- for what? for what reason, cause, or purpose?: Why did you behave so badly?
- for what cause or reason: I don't know why he is leaving.
- for which; on account of which (usually after reason to introduce a relative clause): the reason why he refused to go.
- the reason for which: That is why he returned.
- a question concerning the cause or reason for which something is done, achieved, etc.: a child's unending hows and whys.
- the cause or reason: the whys and wherefores of a troublesome situation.
- (used as an expression of surprise, hesitation, etc., or sometimes a mere expletive): Why, it's all gone!
Origin of why
- contraction of why is: Why's dinner so late?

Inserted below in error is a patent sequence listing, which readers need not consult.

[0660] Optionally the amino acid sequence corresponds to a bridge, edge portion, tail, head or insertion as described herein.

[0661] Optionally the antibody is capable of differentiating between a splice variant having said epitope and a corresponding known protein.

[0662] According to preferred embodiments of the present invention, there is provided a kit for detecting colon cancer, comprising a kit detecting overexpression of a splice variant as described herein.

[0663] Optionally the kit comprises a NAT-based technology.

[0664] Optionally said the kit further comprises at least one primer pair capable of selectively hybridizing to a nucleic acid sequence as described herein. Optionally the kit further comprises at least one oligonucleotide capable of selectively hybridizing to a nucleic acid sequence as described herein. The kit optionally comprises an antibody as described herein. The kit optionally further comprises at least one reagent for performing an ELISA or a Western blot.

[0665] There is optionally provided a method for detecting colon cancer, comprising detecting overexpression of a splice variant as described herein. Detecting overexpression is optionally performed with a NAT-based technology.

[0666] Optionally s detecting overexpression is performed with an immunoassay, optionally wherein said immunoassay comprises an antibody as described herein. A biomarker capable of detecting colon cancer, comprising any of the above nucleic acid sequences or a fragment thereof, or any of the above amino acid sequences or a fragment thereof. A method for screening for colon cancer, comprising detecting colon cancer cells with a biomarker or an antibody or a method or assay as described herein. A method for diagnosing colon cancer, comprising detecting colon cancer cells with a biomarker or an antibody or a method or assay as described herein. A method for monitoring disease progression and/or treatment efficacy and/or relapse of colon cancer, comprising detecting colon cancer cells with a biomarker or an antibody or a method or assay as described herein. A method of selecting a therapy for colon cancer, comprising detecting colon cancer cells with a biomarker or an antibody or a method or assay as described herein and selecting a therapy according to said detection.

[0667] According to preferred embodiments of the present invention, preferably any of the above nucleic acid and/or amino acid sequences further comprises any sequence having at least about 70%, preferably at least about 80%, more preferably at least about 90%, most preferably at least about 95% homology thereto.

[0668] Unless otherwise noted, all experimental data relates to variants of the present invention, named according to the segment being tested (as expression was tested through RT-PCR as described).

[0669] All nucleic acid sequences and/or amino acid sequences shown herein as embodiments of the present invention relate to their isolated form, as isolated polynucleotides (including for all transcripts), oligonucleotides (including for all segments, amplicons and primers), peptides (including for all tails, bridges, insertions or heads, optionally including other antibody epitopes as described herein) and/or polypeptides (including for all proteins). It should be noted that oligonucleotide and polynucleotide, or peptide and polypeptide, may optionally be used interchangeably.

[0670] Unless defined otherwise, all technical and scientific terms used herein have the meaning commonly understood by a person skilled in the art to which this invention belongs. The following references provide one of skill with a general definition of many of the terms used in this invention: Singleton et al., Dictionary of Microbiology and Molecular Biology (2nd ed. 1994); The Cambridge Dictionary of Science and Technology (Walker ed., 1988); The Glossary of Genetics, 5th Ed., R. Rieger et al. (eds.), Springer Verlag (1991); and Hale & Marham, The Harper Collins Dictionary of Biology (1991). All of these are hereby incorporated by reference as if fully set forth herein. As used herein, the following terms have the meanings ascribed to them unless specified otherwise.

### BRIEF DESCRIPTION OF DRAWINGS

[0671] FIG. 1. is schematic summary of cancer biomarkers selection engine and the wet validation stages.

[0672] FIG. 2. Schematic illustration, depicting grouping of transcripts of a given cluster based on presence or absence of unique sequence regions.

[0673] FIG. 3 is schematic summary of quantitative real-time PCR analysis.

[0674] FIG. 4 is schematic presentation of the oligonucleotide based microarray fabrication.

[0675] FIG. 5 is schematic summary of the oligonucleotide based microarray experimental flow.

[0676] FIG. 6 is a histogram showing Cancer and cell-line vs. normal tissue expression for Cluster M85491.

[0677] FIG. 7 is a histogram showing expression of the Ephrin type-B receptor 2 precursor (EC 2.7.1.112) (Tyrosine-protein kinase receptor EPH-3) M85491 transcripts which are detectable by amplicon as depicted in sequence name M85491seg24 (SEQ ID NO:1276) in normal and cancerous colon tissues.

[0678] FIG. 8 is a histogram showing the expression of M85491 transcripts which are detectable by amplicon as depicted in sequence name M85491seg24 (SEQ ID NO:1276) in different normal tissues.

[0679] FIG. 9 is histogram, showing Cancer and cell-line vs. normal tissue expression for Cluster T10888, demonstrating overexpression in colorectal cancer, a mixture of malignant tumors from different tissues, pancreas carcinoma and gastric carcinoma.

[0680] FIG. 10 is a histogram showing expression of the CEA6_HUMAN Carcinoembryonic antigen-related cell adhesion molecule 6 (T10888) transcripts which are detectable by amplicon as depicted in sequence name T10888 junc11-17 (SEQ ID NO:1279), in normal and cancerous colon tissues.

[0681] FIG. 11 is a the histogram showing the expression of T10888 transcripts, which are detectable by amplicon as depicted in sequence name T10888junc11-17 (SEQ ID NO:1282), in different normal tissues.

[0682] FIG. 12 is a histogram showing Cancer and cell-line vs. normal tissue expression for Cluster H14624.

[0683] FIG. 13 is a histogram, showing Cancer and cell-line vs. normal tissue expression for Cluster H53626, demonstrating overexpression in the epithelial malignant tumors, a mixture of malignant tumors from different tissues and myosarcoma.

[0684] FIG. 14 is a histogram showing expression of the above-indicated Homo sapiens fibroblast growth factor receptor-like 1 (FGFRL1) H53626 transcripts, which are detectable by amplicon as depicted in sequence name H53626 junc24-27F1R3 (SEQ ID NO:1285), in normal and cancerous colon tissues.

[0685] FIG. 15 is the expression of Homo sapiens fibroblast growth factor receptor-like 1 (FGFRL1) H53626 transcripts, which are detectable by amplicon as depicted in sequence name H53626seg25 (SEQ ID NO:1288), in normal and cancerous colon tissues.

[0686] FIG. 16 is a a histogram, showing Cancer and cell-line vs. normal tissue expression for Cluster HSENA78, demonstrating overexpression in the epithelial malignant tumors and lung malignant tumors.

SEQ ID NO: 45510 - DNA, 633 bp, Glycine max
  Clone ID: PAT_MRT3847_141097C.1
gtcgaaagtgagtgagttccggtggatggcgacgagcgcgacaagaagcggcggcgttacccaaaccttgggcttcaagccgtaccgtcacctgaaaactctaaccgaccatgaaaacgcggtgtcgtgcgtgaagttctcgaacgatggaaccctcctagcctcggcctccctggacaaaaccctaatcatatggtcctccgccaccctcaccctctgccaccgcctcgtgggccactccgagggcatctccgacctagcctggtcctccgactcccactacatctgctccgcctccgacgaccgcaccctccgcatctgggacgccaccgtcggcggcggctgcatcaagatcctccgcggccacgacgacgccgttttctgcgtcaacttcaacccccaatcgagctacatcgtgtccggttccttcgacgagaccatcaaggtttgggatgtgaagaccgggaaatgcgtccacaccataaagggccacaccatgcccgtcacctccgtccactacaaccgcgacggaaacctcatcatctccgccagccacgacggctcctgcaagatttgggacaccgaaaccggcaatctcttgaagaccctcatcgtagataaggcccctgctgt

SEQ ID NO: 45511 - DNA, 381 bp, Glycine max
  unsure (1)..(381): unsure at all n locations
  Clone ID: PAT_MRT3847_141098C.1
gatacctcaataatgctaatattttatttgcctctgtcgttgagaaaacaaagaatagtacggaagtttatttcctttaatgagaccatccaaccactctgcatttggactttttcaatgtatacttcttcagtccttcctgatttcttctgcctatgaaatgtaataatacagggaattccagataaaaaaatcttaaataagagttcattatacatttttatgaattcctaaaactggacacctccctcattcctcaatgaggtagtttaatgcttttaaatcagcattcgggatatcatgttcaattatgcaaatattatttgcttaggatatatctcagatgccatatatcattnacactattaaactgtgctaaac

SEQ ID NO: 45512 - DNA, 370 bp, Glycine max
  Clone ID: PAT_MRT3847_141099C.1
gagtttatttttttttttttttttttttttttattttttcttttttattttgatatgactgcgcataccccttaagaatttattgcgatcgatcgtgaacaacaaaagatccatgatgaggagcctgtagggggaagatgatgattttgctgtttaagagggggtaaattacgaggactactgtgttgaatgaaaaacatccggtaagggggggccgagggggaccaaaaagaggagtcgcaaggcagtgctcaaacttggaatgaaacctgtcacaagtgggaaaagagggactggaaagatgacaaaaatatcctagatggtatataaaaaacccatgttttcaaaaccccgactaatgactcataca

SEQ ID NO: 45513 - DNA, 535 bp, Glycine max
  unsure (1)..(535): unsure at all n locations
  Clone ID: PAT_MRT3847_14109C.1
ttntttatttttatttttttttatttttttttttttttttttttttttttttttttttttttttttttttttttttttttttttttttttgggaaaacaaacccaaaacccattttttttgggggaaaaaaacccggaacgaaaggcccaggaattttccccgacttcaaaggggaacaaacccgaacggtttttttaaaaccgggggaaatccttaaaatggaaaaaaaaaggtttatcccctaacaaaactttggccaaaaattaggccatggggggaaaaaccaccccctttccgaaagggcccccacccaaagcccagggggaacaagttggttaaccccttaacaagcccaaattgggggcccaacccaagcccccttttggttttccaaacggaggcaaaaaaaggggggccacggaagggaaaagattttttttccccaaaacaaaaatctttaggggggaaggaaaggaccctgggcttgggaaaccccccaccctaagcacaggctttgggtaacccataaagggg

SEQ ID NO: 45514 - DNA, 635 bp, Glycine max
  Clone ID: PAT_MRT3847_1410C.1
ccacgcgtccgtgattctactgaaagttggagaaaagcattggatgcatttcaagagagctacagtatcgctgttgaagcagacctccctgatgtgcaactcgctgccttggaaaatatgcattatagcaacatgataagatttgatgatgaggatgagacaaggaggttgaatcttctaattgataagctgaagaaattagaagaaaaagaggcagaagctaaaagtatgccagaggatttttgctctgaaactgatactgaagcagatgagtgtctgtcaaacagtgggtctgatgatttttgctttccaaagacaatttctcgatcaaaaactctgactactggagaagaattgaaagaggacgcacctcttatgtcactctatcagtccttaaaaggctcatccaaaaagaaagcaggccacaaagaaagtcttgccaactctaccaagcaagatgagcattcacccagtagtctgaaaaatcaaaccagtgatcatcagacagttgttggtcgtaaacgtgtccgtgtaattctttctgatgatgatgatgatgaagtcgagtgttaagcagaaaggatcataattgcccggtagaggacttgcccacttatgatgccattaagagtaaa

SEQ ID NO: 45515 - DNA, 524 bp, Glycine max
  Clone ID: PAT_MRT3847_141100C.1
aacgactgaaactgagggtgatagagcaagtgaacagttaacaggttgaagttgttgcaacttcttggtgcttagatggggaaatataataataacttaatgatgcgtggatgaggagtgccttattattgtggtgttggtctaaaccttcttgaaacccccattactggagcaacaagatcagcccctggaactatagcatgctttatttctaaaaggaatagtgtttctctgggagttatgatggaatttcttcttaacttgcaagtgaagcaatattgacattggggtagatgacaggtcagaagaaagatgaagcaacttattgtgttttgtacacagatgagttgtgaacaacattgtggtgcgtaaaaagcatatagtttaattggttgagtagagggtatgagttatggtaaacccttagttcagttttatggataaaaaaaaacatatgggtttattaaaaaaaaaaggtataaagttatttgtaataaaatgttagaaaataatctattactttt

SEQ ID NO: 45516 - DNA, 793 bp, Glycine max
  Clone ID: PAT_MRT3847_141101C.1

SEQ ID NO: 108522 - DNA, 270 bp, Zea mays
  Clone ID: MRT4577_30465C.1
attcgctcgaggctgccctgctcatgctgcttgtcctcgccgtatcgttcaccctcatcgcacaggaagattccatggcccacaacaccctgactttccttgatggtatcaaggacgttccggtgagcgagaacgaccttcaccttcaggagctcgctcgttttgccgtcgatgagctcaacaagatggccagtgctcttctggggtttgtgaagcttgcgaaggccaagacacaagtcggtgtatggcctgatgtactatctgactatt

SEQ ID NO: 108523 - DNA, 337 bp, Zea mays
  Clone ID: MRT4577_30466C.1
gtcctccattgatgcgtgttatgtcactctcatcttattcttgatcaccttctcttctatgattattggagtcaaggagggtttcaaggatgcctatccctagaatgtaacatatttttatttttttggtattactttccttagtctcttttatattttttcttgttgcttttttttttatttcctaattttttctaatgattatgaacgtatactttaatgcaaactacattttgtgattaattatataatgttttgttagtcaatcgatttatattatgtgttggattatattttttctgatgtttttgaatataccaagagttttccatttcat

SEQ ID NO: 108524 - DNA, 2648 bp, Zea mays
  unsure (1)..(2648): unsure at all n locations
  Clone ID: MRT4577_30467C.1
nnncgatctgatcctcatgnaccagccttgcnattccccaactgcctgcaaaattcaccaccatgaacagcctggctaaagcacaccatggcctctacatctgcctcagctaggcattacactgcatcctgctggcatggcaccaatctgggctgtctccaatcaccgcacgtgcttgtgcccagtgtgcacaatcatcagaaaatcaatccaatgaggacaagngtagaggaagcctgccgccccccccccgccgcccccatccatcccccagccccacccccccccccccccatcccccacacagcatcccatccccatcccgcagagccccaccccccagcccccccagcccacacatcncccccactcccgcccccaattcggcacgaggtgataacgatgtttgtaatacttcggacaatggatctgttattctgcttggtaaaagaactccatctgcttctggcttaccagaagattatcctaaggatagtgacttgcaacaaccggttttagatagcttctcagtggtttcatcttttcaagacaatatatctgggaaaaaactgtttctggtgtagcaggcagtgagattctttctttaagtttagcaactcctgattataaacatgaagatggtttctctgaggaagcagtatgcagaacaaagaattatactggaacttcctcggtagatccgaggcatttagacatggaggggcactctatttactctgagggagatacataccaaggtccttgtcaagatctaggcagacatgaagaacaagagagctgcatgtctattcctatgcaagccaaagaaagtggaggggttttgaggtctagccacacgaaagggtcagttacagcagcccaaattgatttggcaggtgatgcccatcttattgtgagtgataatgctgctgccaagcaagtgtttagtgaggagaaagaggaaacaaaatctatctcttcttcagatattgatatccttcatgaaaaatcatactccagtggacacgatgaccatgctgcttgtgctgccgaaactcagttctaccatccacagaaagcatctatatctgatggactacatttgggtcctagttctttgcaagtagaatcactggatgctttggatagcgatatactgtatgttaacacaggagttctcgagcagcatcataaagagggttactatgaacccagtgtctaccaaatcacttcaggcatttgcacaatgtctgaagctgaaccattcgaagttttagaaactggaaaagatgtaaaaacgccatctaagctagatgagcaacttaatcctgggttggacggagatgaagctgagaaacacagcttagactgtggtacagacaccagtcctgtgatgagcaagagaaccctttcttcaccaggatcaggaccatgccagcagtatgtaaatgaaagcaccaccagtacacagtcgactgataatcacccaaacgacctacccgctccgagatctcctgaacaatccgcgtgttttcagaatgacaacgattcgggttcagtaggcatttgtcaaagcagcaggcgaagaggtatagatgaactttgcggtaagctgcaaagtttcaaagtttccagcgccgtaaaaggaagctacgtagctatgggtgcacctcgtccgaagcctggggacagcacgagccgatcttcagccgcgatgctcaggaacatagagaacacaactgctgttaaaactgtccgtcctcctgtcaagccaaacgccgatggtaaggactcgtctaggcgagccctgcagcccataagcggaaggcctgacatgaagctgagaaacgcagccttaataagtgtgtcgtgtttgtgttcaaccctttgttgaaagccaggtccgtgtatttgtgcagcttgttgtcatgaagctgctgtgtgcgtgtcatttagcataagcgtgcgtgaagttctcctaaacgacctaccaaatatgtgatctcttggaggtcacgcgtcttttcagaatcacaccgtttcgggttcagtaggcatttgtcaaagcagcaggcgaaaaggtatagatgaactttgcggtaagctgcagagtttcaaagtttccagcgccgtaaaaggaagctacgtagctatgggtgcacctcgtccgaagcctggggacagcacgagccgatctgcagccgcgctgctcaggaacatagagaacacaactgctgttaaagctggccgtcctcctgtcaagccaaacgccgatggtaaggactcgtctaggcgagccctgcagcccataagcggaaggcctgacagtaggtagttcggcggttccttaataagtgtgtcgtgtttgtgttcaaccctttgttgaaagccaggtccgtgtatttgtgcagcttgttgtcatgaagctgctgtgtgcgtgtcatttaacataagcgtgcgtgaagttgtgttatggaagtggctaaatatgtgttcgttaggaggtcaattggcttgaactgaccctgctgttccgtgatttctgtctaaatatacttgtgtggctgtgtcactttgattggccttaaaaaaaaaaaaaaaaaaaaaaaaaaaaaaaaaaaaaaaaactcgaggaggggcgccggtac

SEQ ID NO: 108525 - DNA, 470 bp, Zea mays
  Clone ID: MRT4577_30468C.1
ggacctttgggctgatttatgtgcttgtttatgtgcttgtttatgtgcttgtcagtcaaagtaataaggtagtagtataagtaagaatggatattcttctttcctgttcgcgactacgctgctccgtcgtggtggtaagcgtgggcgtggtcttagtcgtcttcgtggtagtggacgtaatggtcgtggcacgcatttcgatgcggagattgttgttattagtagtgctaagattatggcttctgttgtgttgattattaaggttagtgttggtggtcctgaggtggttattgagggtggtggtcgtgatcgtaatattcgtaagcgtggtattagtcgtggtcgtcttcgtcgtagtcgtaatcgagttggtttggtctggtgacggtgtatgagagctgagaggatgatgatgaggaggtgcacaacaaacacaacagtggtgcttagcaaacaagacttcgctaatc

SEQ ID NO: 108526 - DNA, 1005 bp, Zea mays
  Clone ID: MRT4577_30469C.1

- for what reason, purpose, or cause?why are you here?
- (used in indirect questions)tell me why you're here
- for or because of whichthere is no reason why he shouldn't come
- (usually plural) the reason, purpose, or cause of something (esp in the phrase the whys and wherefores)
- an introductory expression of surprise, disagreement, indignation, etcwhy, don't be silly!
Word Origin and History for why
Old English hwi, instrumental case (showing for what purpose or by what means) of hwæt (see what), from Proto-Germanic *khwi (cf. Old Saxon hwi, Old Norse hvi), from PIE *qwei, locative of *qwo- "who" (cf. Greek pei "where"). As an interjection of surprise or to call attention to a statement, recorded from 1510s.